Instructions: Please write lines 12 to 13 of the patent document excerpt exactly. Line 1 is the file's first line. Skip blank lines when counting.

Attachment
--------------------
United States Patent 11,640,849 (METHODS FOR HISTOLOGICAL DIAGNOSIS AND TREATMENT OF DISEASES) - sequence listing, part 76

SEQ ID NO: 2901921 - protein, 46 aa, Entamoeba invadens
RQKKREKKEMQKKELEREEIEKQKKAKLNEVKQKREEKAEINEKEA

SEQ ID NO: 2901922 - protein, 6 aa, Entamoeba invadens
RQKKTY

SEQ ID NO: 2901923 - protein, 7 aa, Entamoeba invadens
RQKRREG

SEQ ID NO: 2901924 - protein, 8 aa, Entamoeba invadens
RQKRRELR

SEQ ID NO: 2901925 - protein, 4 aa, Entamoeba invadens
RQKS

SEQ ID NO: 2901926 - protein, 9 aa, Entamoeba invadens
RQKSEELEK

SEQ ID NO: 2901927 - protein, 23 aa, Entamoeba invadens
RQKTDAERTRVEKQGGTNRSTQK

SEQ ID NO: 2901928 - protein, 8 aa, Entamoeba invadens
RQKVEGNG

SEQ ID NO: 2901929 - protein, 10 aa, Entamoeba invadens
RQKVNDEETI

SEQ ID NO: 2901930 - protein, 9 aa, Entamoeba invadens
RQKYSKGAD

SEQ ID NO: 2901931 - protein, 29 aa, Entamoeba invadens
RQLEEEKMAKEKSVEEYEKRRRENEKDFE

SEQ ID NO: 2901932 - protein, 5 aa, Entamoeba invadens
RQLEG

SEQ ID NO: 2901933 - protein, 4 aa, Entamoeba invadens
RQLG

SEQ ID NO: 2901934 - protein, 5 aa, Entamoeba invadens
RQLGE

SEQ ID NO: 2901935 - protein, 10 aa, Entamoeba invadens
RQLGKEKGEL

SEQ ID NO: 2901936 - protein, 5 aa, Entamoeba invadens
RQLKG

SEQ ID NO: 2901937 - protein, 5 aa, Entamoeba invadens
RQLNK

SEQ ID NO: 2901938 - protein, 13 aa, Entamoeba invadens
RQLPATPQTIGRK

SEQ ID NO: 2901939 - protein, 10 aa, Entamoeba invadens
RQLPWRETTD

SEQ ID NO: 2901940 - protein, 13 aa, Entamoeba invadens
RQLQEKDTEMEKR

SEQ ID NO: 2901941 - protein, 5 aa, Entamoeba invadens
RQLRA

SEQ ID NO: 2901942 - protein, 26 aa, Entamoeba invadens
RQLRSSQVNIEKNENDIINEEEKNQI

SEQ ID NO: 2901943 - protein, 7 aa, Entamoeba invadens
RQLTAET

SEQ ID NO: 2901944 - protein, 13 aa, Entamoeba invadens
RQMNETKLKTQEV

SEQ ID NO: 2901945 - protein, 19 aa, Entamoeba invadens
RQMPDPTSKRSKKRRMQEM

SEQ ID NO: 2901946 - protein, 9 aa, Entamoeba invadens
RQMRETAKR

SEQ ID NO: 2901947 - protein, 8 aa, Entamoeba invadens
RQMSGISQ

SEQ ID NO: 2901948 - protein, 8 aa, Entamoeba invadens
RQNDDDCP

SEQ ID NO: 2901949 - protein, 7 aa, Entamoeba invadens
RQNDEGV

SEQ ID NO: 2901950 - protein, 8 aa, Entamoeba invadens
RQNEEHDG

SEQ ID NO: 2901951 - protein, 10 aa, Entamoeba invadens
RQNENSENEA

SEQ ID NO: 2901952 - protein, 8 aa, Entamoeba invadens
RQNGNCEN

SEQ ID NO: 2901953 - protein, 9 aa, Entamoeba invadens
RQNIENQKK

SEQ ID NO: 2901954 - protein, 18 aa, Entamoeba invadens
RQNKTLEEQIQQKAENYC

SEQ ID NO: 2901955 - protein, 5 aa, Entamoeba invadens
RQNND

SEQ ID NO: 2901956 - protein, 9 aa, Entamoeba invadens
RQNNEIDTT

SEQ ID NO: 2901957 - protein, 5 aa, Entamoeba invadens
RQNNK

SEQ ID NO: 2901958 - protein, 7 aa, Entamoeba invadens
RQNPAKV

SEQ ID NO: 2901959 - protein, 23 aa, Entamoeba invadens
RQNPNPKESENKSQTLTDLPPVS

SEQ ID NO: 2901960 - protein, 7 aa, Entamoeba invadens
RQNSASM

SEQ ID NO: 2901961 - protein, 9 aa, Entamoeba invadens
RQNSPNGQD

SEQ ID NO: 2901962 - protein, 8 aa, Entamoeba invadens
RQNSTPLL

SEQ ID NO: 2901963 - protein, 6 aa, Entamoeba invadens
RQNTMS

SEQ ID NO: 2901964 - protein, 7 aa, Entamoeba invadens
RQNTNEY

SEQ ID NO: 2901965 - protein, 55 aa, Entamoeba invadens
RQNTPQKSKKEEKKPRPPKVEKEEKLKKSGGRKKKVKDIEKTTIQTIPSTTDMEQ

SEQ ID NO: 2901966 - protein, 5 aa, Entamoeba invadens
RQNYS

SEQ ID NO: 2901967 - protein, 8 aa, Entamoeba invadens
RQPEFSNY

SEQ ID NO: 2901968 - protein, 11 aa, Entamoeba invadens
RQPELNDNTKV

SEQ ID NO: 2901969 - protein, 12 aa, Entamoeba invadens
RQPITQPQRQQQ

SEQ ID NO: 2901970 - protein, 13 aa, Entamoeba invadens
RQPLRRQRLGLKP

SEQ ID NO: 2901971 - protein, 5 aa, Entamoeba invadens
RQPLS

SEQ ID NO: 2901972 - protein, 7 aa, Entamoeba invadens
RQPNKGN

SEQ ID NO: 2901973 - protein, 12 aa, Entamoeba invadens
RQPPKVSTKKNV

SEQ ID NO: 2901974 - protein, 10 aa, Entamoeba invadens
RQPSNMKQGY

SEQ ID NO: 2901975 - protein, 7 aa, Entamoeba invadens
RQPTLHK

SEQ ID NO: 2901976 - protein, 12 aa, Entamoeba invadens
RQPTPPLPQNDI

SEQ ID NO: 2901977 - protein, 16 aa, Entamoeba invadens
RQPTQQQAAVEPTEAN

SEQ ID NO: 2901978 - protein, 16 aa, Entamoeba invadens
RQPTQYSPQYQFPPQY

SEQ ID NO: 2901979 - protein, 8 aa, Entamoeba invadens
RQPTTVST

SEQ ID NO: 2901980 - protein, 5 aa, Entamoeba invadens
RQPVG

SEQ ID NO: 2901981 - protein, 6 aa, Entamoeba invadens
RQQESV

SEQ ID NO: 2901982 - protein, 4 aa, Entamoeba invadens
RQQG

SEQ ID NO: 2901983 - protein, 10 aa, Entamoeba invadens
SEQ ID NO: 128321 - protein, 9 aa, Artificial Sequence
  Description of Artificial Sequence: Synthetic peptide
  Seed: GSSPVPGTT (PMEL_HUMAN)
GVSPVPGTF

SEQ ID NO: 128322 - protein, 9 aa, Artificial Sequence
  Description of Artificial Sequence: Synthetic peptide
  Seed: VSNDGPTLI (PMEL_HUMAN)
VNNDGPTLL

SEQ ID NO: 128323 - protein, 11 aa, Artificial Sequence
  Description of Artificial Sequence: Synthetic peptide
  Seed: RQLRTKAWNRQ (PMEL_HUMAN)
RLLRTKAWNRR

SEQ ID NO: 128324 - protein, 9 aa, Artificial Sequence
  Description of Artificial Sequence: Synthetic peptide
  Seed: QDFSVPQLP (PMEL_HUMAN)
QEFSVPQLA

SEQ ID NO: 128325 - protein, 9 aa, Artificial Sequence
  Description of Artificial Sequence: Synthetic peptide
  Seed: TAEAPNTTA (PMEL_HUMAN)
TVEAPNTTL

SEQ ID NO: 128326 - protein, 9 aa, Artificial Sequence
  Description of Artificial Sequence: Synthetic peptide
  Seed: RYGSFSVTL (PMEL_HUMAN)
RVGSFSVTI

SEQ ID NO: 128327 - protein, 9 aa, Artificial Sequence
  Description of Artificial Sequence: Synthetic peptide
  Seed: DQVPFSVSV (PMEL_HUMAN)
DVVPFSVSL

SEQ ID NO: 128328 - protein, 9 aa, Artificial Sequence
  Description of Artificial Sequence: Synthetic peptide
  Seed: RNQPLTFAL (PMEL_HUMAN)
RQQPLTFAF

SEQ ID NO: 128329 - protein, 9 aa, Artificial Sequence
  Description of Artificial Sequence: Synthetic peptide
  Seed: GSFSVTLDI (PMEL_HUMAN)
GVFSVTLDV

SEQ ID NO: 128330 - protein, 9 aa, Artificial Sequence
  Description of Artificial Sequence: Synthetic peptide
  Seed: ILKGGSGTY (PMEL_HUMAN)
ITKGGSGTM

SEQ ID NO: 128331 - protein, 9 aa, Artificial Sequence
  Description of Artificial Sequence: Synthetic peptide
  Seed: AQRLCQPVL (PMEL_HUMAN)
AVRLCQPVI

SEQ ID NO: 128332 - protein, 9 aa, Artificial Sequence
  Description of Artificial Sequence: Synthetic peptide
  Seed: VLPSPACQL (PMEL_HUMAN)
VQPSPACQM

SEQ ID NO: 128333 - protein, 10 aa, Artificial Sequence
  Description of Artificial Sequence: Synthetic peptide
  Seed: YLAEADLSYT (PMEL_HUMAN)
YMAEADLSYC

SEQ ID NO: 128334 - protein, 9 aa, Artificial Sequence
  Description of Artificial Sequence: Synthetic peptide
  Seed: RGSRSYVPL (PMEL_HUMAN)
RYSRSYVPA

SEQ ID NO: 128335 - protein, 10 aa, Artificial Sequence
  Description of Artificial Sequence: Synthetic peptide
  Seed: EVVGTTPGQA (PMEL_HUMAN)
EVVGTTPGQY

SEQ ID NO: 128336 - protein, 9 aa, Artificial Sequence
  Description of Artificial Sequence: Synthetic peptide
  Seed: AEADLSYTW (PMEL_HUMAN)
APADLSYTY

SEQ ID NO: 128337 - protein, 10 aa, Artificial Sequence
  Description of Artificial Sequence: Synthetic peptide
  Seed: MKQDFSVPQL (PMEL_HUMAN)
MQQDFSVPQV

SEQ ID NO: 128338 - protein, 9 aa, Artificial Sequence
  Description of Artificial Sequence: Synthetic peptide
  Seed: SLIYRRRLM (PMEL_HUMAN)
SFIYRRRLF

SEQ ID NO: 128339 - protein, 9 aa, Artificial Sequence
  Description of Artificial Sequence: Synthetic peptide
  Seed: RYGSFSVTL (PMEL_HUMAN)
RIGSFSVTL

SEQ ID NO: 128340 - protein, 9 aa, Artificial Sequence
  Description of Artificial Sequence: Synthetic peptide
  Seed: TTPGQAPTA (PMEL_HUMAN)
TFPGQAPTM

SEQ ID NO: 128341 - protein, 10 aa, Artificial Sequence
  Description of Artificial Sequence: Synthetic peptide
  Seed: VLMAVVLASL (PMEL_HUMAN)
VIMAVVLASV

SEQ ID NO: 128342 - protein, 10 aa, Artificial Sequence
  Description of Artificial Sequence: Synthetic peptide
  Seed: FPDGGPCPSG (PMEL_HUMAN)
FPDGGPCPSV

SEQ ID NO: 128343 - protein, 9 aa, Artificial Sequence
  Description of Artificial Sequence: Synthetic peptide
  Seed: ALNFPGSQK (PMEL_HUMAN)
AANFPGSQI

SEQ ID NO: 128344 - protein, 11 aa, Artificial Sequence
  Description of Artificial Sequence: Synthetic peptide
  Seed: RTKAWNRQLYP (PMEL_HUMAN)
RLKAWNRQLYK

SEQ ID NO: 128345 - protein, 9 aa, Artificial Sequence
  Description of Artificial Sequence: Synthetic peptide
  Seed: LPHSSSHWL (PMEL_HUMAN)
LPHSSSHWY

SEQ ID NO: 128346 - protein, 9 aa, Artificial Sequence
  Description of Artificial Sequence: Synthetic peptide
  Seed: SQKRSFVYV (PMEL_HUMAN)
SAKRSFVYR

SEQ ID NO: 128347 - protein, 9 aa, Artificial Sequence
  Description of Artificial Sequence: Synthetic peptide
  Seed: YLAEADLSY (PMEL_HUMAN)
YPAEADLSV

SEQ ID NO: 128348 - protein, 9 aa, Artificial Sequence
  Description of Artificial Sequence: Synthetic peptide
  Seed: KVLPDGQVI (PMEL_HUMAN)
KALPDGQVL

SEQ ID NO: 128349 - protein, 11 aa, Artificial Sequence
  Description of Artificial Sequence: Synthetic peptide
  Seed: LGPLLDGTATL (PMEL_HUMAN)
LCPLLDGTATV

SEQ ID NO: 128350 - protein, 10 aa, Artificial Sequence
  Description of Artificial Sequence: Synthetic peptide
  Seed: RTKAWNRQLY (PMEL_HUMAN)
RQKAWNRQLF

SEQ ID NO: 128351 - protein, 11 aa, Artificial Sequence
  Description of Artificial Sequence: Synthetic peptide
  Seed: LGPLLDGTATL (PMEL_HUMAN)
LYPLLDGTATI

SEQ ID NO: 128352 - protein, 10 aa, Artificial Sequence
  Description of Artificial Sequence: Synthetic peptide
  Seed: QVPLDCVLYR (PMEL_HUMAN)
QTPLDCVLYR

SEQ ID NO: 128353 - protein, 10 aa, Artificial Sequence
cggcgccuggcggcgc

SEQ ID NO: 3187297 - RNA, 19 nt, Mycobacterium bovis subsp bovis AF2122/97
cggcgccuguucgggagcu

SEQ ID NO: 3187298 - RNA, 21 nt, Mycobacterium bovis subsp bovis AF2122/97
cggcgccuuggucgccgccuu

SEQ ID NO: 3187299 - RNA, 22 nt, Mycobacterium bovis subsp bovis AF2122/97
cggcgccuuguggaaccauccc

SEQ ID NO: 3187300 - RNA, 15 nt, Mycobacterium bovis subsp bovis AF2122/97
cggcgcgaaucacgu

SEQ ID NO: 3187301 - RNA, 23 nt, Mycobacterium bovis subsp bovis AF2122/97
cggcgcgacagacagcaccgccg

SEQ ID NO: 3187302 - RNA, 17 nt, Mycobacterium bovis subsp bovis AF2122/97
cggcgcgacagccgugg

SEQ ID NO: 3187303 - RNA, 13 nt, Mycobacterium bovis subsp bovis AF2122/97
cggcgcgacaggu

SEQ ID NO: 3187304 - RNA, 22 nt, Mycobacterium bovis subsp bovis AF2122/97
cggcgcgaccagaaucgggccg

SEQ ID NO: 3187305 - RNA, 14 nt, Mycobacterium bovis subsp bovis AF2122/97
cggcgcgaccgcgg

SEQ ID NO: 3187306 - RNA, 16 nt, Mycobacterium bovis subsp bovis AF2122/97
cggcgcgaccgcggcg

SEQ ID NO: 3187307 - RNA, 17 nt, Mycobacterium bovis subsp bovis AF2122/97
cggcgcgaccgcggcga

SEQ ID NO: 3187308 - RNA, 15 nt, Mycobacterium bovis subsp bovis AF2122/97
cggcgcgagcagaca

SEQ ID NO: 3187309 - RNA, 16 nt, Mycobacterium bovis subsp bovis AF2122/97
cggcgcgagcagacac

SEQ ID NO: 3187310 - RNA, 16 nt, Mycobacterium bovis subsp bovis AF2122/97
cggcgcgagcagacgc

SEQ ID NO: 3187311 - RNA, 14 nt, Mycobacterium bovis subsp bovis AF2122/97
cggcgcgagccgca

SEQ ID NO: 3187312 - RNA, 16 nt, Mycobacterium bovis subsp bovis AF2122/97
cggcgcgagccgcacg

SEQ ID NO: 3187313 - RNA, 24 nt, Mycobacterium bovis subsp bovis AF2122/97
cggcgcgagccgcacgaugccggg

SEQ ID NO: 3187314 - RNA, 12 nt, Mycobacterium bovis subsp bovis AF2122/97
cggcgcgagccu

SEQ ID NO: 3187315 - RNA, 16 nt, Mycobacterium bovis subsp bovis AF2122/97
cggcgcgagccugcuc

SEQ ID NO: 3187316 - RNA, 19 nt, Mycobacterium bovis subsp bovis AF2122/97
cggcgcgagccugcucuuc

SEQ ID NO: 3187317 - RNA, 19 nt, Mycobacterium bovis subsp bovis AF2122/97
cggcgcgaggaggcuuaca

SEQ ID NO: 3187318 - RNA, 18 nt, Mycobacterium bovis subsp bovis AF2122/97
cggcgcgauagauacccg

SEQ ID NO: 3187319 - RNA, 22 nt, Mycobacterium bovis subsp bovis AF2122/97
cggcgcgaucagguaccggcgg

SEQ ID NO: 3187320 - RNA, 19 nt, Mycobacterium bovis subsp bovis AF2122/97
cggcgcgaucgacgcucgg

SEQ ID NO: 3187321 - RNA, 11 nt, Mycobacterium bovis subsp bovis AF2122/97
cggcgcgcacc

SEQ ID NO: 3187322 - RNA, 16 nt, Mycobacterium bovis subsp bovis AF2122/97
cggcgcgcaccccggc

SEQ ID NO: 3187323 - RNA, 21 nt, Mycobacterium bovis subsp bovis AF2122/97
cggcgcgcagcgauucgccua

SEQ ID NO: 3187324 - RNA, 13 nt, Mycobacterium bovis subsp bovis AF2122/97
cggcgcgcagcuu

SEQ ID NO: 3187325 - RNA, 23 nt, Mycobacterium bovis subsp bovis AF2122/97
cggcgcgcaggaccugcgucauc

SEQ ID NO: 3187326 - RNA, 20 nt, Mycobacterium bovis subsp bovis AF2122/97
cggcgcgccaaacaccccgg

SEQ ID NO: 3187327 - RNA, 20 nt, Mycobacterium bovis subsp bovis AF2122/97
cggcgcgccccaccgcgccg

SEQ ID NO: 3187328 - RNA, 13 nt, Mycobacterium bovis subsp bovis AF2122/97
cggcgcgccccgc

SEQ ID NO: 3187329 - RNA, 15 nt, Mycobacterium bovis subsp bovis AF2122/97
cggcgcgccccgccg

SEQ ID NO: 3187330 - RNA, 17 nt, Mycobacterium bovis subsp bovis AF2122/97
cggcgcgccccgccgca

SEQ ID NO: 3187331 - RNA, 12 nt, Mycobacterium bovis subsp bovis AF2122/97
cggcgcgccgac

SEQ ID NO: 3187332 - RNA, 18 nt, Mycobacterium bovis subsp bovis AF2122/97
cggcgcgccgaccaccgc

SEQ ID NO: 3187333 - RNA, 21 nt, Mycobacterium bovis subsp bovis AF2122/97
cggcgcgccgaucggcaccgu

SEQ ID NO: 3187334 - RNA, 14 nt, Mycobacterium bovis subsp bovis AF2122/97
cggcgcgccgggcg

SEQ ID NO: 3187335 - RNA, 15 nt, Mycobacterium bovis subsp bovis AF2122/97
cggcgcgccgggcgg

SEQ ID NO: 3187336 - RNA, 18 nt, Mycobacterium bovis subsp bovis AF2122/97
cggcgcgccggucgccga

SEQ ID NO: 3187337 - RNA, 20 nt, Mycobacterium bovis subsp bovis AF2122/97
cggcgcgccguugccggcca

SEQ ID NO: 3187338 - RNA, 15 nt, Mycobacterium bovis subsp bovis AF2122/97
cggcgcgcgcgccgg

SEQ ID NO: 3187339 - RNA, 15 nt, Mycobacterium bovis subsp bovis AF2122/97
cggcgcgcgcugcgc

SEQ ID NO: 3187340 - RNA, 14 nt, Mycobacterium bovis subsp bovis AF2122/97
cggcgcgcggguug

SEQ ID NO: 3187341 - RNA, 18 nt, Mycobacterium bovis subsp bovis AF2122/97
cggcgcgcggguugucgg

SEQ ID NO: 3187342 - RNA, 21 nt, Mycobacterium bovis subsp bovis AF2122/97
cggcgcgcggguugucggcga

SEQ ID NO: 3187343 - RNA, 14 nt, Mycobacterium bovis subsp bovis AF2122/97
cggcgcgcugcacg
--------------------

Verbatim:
SEQ ID NO: 2901926 - protein, 9 aa, Entamoeba invadens
RQKSEELEK